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A report on phys.org takes a look at asking the question: “So what if we could target food at the molecular level, sending in specially designed particles to control reactions even more tightly?”
Nanotechnology creates and uses materials and particles at the scale of a nanometer, one billionth of a meter. To put in perspective, say a nanoparticle was the size of a football – in comparison that would mean a sheep would be the size of Planet Earth.
What does this have to do with food?
A phys.org report takes a look at asking the question: “What if we could target food at the molecular level, sending in specially designed particles to control reactions even more tightly?”
For example, food that tastes salty without the health risks of adding salt, or bread that contains healthy fish oil but without any fishy aftertaste.
They point out that every bite of food we eat is jam-packed with chemical reactions and nanotechnology is the solution to controlling – or changing – them.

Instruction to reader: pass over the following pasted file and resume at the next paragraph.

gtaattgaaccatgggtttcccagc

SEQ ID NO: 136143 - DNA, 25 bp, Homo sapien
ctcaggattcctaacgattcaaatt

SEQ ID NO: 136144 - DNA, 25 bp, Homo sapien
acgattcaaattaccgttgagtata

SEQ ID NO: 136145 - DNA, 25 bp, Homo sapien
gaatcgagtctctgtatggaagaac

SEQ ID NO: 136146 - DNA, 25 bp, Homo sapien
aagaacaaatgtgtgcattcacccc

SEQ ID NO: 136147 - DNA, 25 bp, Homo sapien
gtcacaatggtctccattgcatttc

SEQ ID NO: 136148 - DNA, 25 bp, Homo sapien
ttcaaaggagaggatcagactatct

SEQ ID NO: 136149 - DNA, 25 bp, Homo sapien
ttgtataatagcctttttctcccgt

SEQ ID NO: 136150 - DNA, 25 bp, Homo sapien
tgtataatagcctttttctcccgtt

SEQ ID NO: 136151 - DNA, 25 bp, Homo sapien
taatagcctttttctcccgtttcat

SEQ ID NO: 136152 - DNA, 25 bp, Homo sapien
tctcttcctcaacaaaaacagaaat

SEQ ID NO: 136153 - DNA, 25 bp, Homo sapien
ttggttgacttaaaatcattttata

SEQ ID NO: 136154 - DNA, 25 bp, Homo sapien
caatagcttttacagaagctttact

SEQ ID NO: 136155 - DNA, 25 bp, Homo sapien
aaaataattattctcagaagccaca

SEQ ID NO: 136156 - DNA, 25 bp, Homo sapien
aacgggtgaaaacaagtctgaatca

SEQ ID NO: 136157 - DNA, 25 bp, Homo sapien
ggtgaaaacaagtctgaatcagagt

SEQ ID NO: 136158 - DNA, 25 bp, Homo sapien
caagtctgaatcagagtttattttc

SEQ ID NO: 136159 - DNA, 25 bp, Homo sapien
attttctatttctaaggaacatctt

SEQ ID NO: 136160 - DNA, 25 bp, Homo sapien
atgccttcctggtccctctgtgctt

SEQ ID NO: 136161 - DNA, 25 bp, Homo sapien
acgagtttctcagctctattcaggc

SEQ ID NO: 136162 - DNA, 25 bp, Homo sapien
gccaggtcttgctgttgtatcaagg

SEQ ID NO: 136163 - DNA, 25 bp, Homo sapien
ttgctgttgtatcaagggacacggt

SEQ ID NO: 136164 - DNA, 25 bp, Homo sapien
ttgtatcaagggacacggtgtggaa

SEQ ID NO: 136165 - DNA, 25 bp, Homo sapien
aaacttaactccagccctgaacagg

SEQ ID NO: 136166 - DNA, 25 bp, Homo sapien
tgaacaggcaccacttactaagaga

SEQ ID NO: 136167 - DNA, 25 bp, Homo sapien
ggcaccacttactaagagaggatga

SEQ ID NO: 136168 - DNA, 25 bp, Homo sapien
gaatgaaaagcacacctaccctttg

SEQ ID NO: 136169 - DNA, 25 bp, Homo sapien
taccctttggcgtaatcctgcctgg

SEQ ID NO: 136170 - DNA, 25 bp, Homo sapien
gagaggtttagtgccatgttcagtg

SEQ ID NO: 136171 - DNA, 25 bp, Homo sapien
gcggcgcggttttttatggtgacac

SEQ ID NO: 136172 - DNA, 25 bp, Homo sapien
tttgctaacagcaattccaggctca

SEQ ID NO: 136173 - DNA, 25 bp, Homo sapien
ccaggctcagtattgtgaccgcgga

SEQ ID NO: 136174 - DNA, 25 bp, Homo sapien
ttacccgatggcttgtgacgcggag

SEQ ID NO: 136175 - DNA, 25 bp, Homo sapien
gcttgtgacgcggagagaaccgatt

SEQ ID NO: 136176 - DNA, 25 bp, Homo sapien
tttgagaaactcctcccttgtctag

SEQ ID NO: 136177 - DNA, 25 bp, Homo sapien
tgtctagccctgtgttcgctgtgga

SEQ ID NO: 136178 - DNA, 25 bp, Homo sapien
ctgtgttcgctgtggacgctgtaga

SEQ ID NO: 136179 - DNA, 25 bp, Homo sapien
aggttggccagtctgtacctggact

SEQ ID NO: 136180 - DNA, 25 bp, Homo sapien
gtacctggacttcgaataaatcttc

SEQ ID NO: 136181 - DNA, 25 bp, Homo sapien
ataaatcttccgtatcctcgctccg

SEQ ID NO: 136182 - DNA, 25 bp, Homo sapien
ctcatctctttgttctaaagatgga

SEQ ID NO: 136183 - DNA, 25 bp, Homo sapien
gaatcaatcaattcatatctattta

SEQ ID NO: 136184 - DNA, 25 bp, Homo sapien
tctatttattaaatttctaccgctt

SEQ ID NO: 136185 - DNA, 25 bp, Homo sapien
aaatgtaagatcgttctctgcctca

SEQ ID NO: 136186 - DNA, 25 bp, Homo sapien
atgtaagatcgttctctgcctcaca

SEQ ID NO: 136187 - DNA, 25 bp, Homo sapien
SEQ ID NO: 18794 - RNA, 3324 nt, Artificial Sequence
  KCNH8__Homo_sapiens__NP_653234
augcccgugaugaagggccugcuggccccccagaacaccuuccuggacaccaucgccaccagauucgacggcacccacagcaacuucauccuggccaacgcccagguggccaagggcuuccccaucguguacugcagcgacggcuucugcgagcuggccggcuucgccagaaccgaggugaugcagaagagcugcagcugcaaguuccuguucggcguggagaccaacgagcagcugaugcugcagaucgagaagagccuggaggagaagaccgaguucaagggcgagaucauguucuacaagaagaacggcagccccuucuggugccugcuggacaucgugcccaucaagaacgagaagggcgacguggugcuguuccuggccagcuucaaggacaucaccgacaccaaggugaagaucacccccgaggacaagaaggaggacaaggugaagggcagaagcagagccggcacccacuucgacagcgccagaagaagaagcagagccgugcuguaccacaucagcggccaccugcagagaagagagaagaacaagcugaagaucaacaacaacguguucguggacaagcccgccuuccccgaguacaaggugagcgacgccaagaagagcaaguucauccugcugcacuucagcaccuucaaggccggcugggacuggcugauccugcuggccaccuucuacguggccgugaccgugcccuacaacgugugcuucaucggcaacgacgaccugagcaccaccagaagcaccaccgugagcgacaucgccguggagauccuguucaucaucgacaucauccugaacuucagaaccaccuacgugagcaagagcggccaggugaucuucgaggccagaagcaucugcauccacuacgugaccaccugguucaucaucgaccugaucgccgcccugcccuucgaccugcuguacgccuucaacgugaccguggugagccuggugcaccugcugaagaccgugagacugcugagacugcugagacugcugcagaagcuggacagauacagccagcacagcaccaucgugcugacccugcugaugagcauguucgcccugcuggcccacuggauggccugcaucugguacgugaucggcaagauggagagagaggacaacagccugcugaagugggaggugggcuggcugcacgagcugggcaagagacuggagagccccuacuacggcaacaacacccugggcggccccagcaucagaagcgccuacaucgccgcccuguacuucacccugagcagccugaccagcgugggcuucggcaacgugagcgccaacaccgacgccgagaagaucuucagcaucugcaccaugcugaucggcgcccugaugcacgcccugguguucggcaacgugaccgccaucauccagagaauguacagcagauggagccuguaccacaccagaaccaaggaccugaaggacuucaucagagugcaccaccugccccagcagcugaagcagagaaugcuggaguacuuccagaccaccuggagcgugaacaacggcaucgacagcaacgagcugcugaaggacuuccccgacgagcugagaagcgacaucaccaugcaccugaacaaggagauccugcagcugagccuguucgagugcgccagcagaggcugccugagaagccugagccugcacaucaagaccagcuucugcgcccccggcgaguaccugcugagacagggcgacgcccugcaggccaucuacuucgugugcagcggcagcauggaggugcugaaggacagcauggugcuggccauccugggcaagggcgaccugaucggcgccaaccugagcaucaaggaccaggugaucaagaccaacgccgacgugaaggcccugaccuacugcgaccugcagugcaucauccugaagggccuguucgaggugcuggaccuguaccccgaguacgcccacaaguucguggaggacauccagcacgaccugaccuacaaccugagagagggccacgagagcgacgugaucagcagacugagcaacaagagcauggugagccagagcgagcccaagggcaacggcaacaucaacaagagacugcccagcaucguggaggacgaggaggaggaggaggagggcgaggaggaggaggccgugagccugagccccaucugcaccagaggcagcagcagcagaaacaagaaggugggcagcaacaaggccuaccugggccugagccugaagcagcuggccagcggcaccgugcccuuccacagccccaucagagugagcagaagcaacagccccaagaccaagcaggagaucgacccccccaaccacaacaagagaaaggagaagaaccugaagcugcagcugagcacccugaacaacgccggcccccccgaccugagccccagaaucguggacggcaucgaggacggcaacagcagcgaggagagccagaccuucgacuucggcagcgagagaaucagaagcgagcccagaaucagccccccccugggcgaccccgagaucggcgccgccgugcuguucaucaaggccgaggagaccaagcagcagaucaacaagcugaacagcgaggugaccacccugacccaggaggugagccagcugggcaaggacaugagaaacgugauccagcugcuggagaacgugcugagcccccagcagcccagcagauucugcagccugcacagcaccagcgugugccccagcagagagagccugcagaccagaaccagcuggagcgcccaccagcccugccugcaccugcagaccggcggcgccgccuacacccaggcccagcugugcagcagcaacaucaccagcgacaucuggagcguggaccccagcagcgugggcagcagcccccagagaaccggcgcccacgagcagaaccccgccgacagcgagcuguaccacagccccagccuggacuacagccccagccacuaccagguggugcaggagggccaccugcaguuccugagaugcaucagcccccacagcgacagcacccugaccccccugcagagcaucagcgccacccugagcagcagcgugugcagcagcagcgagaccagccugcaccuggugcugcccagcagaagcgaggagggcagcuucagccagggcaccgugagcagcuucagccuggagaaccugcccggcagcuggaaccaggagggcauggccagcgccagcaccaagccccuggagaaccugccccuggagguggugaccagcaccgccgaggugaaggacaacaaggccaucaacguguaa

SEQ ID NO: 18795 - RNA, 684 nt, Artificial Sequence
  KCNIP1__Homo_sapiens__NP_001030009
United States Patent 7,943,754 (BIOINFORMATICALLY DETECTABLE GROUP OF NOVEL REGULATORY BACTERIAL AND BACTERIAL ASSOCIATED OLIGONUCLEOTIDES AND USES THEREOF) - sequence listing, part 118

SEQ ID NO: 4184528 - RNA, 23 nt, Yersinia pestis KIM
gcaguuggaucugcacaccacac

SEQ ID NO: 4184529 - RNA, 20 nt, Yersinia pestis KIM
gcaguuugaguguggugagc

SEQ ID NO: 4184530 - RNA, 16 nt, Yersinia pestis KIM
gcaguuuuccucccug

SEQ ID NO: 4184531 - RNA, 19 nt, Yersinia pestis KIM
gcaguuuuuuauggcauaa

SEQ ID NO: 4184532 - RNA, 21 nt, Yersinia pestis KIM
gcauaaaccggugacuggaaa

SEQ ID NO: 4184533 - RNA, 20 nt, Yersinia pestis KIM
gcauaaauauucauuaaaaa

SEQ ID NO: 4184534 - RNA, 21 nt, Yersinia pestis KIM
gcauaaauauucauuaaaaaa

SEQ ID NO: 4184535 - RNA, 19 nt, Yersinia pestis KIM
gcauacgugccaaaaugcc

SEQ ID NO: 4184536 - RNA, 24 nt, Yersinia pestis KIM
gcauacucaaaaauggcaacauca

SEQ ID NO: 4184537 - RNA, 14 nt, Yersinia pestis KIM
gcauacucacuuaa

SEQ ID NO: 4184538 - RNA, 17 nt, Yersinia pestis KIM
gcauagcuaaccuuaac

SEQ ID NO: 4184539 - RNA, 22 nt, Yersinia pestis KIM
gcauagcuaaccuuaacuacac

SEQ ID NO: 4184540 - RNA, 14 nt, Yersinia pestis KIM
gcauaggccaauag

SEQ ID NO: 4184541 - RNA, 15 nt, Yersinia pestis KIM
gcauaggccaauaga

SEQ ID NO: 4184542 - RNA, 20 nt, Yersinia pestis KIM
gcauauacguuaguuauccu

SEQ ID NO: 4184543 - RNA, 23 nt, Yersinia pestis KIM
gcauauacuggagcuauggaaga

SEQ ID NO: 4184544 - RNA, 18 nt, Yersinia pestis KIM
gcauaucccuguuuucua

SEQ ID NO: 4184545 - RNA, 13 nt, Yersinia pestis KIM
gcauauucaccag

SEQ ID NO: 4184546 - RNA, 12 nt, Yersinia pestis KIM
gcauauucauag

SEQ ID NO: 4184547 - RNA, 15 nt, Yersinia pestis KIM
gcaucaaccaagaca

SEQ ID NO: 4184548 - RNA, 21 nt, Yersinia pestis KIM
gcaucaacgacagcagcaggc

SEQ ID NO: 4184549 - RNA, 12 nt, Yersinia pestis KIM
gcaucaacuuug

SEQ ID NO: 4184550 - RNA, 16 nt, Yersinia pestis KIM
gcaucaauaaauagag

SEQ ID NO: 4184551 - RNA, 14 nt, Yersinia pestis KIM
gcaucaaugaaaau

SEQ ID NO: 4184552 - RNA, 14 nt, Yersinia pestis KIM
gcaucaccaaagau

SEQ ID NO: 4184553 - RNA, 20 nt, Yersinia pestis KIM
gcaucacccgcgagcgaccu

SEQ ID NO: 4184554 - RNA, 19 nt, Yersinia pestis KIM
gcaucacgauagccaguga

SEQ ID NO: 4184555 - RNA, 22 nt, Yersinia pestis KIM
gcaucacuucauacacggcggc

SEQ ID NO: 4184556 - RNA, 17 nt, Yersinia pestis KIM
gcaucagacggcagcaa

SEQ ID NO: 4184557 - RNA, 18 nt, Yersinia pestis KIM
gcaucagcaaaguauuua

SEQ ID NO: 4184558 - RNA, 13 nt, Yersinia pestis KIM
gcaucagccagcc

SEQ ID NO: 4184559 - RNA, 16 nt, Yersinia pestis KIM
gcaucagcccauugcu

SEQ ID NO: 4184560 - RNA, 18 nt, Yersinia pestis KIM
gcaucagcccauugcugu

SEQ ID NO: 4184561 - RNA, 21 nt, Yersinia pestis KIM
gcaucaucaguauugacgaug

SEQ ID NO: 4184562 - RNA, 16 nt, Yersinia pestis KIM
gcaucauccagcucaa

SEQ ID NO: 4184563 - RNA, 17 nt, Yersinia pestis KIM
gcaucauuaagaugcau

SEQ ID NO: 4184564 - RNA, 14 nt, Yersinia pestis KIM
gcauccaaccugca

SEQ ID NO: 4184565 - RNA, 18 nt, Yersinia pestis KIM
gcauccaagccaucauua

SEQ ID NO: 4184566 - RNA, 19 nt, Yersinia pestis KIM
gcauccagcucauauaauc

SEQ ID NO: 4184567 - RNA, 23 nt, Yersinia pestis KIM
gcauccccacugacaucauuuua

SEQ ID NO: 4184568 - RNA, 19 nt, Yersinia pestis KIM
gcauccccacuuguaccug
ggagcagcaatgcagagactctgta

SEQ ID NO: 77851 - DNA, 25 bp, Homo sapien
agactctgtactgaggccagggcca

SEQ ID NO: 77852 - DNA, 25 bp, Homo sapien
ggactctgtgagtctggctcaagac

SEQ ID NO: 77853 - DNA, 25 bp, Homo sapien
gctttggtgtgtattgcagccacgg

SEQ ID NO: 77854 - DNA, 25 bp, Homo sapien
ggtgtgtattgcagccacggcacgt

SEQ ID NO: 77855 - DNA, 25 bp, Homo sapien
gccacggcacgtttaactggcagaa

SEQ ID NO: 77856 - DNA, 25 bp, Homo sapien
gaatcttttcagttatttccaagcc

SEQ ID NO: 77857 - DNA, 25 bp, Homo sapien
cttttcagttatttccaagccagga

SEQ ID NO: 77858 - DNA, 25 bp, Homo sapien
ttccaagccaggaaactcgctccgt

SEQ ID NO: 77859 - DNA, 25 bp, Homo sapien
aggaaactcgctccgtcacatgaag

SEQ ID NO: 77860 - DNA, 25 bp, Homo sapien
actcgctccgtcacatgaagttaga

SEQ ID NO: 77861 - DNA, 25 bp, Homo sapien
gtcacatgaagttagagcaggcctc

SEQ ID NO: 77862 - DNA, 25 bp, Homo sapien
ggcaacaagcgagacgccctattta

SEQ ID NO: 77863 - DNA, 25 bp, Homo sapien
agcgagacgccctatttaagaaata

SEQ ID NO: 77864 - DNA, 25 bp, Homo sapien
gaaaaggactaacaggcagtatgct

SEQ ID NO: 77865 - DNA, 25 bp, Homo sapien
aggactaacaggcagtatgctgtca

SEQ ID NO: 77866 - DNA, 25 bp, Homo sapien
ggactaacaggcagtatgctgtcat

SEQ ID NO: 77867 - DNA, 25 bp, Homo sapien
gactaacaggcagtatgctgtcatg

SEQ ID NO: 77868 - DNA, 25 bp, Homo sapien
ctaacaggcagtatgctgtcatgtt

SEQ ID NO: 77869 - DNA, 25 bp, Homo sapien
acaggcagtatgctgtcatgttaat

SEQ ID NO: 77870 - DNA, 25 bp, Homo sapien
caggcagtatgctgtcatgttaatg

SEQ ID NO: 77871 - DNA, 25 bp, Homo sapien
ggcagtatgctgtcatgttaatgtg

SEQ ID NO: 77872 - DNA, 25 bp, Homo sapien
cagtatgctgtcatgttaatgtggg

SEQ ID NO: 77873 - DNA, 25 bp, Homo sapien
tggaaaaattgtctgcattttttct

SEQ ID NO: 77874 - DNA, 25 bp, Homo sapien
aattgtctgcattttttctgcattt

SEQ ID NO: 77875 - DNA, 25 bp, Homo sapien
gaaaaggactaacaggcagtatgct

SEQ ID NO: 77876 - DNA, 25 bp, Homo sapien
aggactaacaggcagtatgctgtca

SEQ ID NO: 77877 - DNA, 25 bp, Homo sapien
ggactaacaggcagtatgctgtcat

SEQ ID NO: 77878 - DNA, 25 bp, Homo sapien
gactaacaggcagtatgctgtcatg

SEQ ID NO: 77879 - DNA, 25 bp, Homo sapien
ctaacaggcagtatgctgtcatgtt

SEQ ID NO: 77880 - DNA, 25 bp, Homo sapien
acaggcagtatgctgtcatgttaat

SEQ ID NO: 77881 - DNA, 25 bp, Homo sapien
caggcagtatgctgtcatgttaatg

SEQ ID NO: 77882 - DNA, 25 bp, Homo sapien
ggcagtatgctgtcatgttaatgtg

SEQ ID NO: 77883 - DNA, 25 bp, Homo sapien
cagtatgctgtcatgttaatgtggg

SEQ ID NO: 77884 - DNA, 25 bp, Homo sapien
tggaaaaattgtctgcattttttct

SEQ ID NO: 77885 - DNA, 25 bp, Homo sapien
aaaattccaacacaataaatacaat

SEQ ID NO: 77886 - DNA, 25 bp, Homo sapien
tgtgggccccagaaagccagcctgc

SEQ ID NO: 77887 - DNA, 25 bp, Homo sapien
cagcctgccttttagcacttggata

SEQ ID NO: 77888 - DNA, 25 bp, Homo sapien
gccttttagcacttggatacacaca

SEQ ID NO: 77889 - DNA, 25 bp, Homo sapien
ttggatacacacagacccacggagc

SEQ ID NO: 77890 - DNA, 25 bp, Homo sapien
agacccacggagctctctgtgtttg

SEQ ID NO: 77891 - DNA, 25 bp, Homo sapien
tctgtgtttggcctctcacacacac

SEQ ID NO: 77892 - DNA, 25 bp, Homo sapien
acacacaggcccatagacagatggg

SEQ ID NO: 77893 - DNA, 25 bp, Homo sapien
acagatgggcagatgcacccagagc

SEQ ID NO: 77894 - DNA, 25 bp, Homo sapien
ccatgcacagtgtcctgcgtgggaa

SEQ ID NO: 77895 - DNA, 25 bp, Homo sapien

Israeli scientists found that coating packaging paper with nano-sized silver particles combats bacteria such as E. coli and extends product shelf life. Fish oil particles are packed into a film coating that prevents the fish oil from reacting with oxygen and releasing its smell. The nanocapsules break open only when they reach the stomach so you can receive the health benefits of heart healthy Omega-3 fatty acids without experiencing the odor.
Researchers at Nottingham University claim they can reduce the salt content of standard crackers by 90 percent while keeping the same flavor by using nanoscale salt.
So why hasn’t this technology become pervasive? There is a concern whether ingested nanomaterials migrate to different parts of the body and could accumulate in certain organs, such as liver and kidneys, which could affect the functionality of these organs and which could further make the battle over GMOs look like an air hockey match.
The researchers also found that consumers are more likely to accept nanotechnology when it is used in food packaging rather than in food processing. They also pointed out that nanotechnology in food production was seen as more acceptable if it increased the food’s health benefits, although consumers weren’t necessarily willing to pay more for the benefits.